Japan’s meat imports in first half hit a record high in 20 years

TOKYO, July 28 ― Japan’s meat imports in the first half of 2018 broke the 1 million metric ton barrier for the first time in 20 years, as consumers tend to satisfy their growing demand through more cheap imports, data has showed.

Imports of red meat and poultry rose 2% to 1.02 million metric tons in the January-June period from the same period a year earlier, the finance ministry said on July 27.

That import figure was the highest since records began in 1988, except in 1996 when the country’s meat tariffs were reduced by the Uruguay Round agreement.

By product, both pork and chicken imports marked a record high level.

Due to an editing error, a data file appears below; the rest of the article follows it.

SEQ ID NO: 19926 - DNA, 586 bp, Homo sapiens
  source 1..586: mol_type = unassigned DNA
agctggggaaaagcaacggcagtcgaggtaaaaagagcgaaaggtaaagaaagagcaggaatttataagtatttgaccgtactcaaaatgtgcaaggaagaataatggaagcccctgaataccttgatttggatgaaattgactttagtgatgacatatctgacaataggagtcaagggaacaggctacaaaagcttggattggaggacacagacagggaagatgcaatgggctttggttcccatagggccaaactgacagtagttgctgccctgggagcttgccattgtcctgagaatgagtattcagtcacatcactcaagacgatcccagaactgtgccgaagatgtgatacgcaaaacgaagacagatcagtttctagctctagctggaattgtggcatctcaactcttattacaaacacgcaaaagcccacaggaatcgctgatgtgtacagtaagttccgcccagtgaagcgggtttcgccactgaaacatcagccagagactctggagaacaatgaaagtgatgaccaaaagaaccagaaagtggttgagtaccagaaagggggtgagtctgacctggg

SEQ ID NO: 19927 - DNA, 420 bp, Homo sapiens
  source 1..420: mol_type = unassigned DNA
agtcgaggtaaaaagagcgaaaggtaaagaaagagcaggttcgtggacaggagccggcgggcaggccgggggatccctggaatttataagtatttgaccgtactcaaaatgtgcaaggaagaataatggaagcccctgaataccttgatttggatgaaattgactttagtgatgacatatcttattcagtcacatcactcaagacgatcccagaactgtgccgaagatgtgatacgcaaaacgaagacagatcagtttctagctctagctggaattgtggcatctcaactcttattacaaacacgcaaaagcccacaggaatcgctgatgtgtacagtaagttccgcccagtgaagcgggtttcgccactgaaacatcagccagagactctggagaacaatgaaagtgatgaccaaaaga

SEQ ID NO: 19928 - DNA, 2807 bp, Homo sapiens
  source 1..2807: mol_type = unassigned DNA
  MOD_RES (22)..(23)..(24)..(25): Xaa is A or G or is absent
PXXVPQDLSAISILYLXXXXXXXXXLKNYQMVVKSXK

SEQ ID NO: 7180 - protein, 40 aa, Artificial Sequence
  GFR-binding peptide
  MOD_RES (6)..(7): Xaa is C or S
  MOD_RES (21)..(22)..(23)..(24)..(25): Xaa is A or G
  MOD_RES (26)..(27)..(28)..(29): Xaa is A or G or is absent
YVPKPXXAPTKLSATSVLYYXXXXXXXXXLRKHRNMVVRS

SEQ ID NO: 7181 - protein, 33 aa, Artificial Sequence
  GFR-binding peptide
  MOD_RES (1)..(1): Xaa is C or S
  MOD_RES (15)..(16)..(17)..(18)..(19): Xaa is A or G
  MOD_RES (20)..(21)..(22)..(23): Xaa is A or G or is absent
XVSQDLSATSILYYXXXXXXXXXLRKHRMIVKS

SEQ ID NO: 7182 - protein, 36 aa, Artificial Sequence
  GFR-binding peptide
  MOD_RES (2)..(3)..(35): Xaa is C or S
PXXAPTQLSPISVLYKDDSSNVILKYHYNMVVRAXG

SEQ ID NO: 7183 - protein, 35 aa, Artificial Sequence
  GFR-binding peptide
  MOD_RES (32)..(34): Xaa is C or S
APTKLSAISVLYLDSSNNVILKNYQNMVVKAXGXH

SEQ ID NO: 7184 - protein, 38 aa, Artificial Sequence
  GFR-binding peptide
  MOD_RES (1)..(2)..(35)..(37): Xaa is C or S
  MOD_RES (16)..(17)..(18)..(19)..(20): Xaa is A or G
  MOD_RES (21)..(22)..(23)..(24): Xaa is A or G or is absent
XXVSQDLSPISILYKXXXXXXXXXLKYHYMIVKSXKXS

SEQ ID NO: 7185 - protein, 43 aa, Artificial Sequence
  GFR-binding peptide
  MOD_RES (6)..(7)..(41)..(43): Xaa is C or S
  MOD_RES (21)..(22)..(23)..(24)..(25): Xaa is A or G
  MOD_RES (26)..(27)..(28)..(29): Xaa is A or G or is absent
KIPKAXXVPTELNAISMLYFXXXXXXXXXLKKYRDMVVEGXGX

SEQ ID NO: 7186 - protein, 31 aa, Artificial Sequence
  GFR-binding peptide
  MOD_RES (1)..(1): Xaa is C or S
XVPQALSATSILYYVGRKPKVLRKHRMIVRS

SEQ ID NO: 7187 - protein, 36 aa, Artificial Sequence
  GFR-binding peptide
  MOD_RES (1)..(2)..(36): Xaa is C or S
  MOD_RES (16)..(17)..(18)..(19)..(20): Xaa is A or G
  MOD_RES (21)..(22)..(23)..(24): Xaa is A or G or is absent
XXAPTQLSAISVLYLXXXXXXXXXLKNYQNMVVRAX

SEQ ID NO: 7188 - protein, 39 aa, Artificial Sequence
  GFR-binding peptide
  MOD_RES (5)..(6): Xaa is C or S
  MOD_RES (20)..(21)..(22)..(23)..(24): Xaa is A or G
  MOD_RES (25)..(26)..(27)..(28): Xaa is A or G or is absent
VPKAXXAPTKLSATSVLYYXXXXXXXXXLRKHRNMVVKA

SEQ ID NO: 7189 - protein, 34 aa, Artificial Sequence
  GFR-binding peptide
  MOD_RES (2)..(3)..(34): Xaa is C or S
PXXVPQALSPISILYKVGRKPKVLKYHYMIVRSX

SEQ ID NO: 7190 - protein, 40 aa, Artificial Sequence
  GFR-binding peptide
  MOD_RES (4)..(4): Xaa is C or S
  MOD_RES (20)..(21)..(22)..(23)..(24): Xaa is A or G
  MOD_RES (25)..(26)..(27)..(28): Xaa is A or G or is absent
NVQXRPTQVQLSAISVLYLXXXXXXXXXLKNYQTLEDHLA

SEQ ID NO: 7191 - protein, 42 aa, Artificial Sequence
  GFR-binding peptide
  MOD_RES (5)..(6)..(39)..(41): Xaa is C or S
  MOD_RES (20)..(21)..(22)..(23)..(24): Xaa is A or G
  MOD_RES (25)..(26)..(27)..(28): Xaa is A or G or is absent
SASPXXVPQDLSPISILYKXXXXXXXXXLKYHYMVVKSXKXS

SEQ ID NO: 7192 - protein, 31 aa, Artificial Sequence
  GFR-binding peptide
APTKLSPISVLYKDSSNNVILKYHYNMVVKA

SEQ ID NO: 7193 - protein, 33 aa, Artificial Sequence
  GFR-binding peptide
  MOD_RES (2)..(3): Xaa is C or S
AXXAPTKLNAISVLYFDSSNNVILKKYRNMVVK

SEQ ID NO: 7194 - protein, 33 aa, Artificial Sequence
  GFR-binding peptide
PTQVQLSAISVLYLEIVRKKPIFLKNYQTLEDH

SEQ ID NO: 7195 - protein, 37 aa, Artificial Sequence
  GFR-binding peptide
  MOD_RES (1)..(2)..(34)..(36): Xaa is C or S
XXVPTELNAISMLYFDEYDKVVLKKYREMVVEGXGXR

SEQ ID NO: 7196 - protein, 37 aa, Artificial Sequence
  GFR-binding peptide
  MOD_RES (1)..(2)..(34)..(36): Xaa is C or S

When it comes to beef, imports also were the highest level since the outbreak of bovine spongiform encephalopathy, or mad cow disease, in Japan in 2001.

While the nation’s consumption for meat is increasing, Japanese farmers have been unable to meet that demand, and much of that growth is filled up with cheap and stable supply of imports.

The government plans to raise the national self-sufficiency of meat, but such attempts haven’t worked so far. The self-sufficient rate of pork in 2017, for example, lowered to 49%, far below the nation’s target.

This entry was posted in Farm Policy, Food & Agriculture. Bookmark the permalink.